Wednesday, June 19, 2013

Michael Hastings, A Sad And Terrible Loss

Incredibly sad news. Rolling Stone and BuzzFeed journalist Michael Hastings, only 33, died in a car accident in Los Angeles yesterday.  Michael was funny, fearless, and acerbic to anyone sucking up to power -- a model for what a real journalist should be.  This exchange, from his Buzz Feed obituary, sums up a lot of what he was about:  "'Why do you bother to ask questions you've already decided you know the answers to?' [Hillary Clinton aide Philippe] Reines asked.  'Why don't you give answers that aren't bullshit for a change?' Hastings replied."  When his editor warned him this exchange would make him look like an asshole, Michael responded, "Everyone knows I’m an asshole. The point is that they’re assholes."

One of the best things about being a writer is that every now and then, you learn someone you admire from afar is a fan of your books.  This was the case with Michael.  Another terrific journalist -- Barrett Brown, now being persecuted by the US government -- knew of our mutual admiration and put us in touch.  After that introduction, Michael and I exchanged maybe a half dozen emails and had as many phone conversations.  I feel fortunate to have known him, however slightly.  Professionally, he was fierce and focused.  In person, he was thoughtful, generous, and hilarious.  He had a keen nose for and visceral hatred of bullshit, so as you can imagine we bonded over several conversations about the publishing industry.  I loved his book "The Operators: The Wild and Terrifying Inside Story of America's War in Afghanistan."  When I told him there were passages as good as James Ellroy, he laughed and told me he had been reading Ellroy while writing it.  Occupational hazard.

Michael was best known for his Rolling Stone article The Runaway General, which led to the resignation for insubordination of Afghan War commander Stanley McChrystal.  The Operators is, among other things, the story behind that story, detailing the angst Michael felt about reporting something so momentous about a group of people he admired and who had treated him seductively well.  He was attacked afterward by numerous "journalists" for whom integrity and courage like Michael's are threatening and incomprehensible.  Nothing makes a sell-out more uncomfortable than to be faced with someone who refuses to be bought.

I hate to think of what was ahead for this fine person, the professional and the personal, and that will now never be.  His death is a loss to journalism and to everyone who loves truth.  I didn't realize how good it was to know Michael was out there in the world, doing great work, comforting the afflicted and afflicting the comfortable.  I woke up sad this morning, feeling the world is not as good a place today as it was yesterday.  I'll miss him.


Anonymous said...

I knew of him, but didn't realize how incredible his story was until today.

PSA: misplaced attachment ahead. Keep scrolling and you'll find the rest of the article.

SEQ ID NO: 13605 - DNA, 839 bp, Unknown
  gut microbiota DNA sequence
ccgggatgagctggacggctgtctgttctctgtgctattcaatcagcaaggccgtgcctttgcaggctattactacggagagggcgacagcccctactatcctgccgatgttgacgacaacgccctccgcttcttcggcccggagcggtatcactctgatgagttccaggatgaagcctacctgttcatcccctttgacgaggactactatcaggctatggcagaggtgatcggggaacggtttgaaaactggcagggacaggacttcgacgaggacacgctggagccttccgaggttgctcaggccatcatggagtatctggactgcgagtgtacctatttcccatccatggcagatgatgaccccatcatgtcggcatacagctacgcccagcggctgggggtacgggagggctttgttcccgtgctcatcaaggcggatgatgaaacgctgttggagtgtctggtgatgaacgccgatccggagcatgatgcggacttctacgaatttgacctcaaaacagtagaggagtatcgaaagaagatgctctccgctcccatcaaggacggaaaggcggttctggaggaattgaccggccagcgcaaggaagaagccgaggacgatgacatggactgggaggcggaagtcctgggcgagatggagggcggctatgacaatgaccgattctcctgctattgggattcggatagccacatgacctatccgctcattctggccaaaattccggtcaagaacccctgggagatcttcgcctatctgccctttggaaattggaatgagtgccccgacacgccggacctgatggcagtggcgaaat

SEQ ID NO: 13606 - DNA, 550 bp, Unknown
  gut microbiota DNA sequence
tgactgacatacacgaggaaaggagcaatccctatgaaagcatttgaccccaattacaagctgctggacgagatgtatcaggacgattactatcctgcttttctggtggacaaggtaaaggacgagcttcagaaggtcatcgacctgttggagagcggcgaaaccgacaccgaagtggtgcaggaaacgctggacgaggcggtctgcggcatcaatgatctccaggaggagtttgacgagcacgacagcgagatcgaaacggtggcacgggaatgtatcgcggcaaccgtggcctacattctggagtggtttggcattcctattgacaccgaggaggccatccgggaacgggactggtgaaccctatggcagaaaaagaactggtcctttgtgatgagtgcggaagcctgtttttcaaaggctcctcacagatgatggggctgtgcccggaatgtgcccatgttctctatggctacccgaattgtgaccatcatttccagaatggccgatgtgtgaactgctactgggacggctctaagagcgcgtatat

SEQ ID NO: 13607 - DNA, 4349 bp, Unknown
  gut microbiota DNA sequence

As a guy in the news business myself, I can totally relate to how difficult it is to balance access versus toughness when you're on a beat. It's a ferociously competitive business and I'm still torn as to whether I would have published what he did about Gen. McChrystal.

I haven’t read the backstory on it from his perspective, but he definitely burned some bridges publishing it. (And I think it was wrong for any other reporter to criticize him for doing it, when they didn’t know all the details either.)

The thing that’s tough is that if you’re assigned a beat and you do what he did -- and that’s your only beat -- well, you’re pretty much out of a job on that beat. You will get almost no one to return your calls and you can forget about any good leads on bigger stories. You might get a few, but not many.

But now that I know how he lost his love, it helps explain it all to me. (And I want to read more from his perspective when I get the chance; it’s such a fascinating debate as to whether he should have or not.)

Regardless, I was really sad to hear the news, and he sure has a ton of people lauding his work and life, so for now I’m giving him the serious benefit of the doubt.

Thanks, Barry, for the excellent post about him. You’ve honored him well.

Rocky Cole said...

Thanks for reminding me of how good he was as a journalist and a seeker of truth (read non-bullshit). I have not read his book but now have it on my list as a must read.

Rocky Cole

Anonymous said...

I just came to say, How I love to read your Political posts. I really enjoy them. Keep up the good work Barry. The truth needs to be told no matter what. Thanks for making Politics sound fun and enjoying. I personally found them a bit tedious, but thanks to you and all your posts I was able to understand not only what you stand for, but how things are with a better logic. thanks Berry. Many smiles and always good wishes. Much success :P

Best regards,